Happily Divorced– The show based on Fran Drescher’s life is surprisingly entertaining. You can’t help but wonder why anyone likes watching someone whose voice is so grating, but somehow it works in this show about a woman who learns after nearly two decades with her husband that he is gay. They get divorced but don’t have the respective money to live in separate homes (their house is unrealistically big for this issue, maybe it is time to get two smaller houses). I don’t care for her best friend Judi, who seems there for obvious laughs and little more. The show isn’t going down in the history books as a fantastic comedy, but there’s something enjoyable about killing time with it.

Death Valley– MTV’s latest foray into scripted television is a supernatural comedy about how a police station (specifically, the Undead Task Force newly formed within the LAPD) deals with the revelation that zombies and vampires are real. At the same time, they are being filmed, Office-style, for a documentary. This show isn’t of the quality that Awkward is, but the network’s scripted TV has always been hit or miss and this is somewhere in between. A lot of its laughs are a bit cheap and zombies are a bit silly. It feels like the show is mostly missing true characters (rather than a group of caricatures), but I’m still watching to see where it goes.

Strike Back– this show isn’t exactly new at all, in that it is in its second season, but it only just came to the US this year (with a partnership with Cinemax that is much like the Torchwood deal with Starz). I watched the first season (which is, in typical British form, only a few episodes long) and found it to be all right. The main character’s internal drama did not come across as strongly as it might have and felt largely removed from the action of the story (perhaps because his family and the guy who is giving him a hard time are always on the other side of the world). The six episode first season is divided into two episode arcs and the strongest one was easily the first, focusing on the kidnapping of a journalist by someone from the main character John Porter’s past. Porter is a retired Sergeant, after a mission in Iraq led to the death of two soldiers from his unit. he has since grown estranged from his family and struggled to get his life on track when he is called in to help save the journalist. The show wasn’t strong enough to jump to the top of my to watch list, but it will remain on my “watch when all that is on is reruns” list.

The Lying Game– Yet another ABC Family show based on a book series. This show follows Emma and Sutton, twins who discover each other when they are teens. Sutton was adopted and has grown up in a life of privilege. Emma, on the other hand, has gone from one bad foster family experience to another. The girls’ personalities could not be more different–Sutton is the nasty queen-bee while Emma is sweet and desperate for love and acceptance. Sutton goes off to search for their birth parents while Emma pretends to be Sutton in order to cover for her. Things get complicated as the mystery of their birth grows and Sutton’s complicated life makes it difficult for Emma to maintain her cover. The mystery isn’t as engrossing and the series isn’t as addictive as Pretty Little Liars, but the show does have a charm of its own. (Perhaps the biggest problem is that while Emma is endearing, Sutton is not, whereas in Pretty Little Liars, all four girls are sympathetic. It may also be the lack of well-developed other characters.)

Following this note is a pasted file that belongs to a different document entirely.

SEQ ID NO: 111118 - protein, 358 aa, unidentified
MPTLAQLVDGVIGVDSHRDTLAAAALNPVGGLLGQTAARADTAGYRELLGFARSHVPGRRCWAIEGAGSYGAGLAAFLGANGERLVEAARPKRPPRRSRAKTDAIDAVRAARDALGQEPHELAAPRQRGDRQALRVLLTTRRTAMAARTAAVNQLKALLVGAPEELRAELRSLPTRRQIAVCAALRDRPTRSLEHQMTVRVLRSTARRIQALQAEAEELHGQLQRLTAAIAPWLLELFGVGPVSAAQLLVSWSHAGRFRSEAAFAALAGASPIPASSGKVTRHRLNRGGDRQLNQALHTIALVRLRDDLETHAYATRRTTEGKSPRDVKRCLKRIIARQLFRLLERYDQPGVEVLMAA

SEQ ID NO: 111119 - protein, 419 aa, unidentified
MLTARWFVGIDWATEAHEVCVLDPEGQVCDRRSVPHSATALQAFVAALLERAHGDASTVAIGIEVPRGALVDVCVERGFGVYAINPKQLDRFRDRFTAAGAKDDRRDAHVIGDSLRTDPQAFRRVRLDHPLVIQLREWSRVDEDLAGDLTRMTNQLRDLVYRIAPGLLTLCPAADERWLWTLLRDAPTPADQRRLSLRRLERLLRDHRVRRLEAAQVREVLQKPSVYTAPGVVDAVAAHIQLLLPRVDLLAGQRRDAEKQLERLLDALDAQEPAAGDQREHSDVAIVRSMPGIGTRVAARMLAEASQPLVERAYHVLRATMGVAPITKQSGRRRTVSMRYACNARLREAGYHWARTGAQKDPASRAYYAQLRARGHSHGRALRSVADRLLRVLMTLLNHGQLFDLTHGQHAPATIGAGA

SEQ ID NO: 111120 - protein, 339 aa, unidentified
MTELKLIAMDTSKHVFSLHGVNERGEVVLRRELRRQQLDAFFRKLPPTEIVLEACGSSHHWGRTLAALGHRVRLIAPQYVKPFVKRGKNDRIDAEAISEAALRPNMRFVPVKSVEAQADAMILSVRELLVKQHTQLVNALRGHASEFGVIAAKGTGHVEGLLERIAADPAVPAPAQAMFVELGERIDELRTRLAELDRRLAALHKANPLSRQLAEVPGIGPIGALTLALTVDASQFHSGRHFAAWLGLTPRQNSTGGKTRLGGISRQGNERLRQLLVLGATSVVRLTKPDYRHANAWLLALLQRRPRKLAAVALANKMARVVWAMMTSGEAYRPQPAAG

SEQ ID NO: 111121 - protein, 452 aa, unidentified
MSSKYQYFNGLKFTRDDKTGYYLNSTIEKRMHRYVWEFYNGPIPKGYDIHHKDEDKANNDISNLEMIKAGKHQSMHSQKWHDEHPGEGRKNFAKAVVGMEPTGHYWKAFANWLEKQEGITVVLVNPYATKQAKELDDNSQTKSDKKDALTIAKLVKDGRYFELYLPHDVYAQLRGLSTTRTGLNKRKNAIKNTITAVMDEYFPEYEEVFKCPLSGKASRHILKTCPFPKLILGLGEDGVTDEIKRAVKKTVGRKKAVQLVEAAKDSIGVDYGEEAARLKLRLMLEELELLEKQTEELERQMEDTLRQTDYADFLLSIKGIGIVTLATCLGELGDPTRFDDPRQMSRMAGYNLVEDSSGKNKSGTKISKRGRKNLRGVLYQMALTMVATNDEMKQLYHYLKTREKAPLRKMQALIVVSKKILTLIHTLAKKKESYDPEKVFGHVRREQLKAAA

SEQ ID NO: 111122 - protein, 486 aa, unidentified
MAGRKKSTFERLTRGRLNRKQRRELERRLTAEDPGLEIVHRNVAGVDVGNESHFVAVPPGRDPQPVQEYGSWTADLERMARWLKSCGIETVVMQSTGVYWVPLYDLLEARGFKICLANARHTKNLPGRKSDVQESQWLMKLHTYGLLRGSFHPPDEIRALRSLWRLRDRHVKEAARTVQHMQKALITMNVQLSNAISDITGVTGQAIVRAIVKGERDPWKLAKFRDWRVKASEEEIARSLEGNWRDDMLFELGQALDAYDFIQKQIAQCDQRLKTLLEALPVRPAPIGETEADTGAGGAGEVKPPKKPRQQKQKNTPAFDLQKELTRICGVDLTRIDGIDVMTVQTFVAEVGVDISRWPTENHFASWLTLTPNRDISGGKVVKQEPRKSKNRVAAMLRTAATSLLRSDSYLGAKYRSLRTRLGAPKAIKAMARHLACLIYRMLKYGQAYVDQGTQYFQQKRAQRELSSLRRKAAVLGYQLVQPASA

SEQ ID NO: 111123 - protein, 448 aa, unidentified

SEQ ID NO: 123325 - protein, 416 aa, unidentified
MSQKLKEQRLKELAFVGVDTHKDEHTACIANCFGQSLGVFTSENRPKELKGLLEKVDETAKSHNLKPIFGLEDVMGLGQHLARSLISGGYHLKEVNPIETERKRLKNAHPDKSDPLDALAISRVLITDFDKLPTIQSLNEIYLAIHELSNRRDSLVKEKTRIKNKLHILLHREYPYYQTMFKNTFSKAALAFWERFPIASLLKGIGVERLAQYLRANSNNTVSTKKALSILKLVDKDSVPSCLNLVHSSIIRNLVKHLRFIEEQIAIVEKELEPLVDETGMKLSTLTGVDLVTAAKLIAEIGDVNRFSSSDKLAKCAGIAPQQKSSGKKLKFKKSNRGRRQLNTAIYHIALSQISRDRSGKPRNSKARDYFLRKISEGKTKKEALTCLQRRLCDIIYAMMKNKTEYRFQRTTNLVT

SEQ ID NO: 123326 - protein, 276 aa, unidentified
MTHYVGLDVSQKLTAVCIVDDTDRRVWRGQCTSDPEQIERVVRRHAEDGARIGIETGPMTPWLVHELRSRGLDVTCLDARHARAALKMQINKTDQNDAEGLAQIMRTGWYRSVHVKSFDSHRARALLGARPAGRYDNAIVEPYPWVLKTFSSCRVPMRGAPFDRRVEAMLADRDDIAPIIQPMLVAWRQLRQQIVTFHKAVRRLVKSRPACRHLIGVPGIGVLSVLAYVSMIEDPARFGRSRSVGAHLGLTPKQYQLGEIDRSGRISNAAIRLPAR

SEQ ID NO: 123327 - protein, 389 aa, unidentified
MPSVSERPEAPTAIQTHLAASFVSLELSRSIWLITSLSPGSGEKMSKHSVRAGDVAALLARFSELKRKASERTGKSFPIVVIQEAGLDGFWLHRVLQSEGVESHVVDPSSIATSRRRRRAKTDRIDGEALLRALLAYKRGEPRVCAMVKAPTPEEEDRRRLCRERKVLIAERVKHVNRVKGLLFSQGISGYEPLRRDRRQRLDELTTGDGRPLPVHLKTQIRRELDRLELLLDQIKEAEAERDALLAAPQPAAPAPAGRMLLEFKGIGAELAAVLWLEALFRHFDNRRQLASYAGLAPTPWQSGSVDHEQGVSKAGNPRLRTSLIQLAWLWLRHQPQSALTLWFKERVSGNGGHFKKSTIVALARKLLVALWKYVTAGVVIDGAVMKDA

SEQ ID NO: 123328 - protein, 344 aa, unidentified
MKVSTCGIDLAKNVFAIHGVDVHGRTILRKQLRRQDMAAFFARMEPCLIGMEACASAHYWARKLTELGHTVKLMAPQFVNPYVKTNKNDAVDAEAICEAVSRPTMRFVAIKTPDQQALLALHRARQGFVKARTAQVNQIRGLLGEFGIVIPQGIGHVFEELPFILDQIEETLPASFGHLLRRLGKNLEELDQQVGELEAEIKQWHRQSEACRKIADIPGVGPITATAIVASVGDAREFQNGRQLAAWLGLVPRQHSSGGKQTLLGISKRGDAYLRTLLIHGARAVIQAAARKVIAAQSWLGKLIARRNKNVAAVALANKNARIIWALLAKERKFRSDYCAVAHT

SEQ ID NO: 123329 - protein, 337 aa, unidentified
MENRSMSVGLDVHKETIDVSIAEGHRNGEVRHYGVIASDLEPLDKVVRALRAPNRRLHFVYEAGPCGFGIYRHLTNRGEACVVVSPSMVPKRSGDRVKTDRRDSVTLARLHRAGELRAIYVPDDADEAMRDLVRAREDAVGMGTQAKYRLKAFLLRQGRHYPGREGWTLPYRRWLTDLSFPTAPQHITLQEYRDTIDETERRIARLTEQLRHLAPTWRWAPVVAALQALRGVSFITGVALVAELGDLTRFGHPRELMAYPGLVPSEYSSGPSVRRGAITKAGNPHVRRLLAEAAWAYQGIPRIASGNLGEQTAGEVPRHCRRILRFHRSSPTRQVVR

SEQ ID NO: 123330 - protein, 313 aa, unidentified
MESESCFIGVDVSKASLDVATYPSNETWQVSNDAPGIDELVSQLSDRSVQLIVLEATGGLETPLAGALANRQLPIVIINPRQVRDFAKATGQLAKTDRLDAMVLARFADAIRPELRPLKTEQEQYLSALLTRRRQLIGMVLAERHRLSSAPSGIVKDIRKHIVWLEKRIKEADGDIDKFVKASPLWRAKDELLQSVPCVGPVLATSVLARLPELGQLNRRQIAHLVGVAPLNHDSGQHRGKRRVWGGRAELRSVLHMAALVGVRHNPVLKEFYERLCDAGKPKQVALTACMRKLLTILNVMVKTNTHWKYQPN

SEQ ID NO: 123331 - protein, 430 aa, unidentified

Full House

I recently decided to start watching Full House from the beginning. Not sure what prompted the decision, but so far (I’m in season two) I’m glad I did. That being said, I feel like I have been a bit disillusioned. Little is the way I remember it:

  • Danny was not always a neat freak (in season two he vacuums the regular vacuum with a smaller one, but before then he does nothing like it)
  • Stephanie did not say How Rude! until halfway through season one
  • Jesse doesn’t say have mercy until even later than that
  • Even the lyrics to the theme song aren’t as I remember (it turns out they changed slightly over time)

I was surprised to find the first few episodes super emotional. If anything, the premise of this comedy is shockingly depressing–Danny’s wife dies, leaving him to care for his three daughters alone–but the show manages to strike a balance with this sadness by bringing in rocker musician Jesse (Danny’s brother-in-law) and stand up comedian Joey (Danny’s best friend).

Watching Michelle (the Olsen Twins) grow up is also fascinating. We literally see them go from silent baby to walking and talking toddler and beyond. It is strange to see someone actually play their own age on television. Though they never look unhappy on the show, Mary Kate apparently regrets her childhood years on set.

I find myself appreciating DJ much more than before–she is the one who pulls in the tears most because she is the only one old enough to understand the bigger picture of what is going on. She is old enough to truly understand that her mother is gone and express those feelings. Eventually Michelle and Stephanie grow up to be a part of this story too.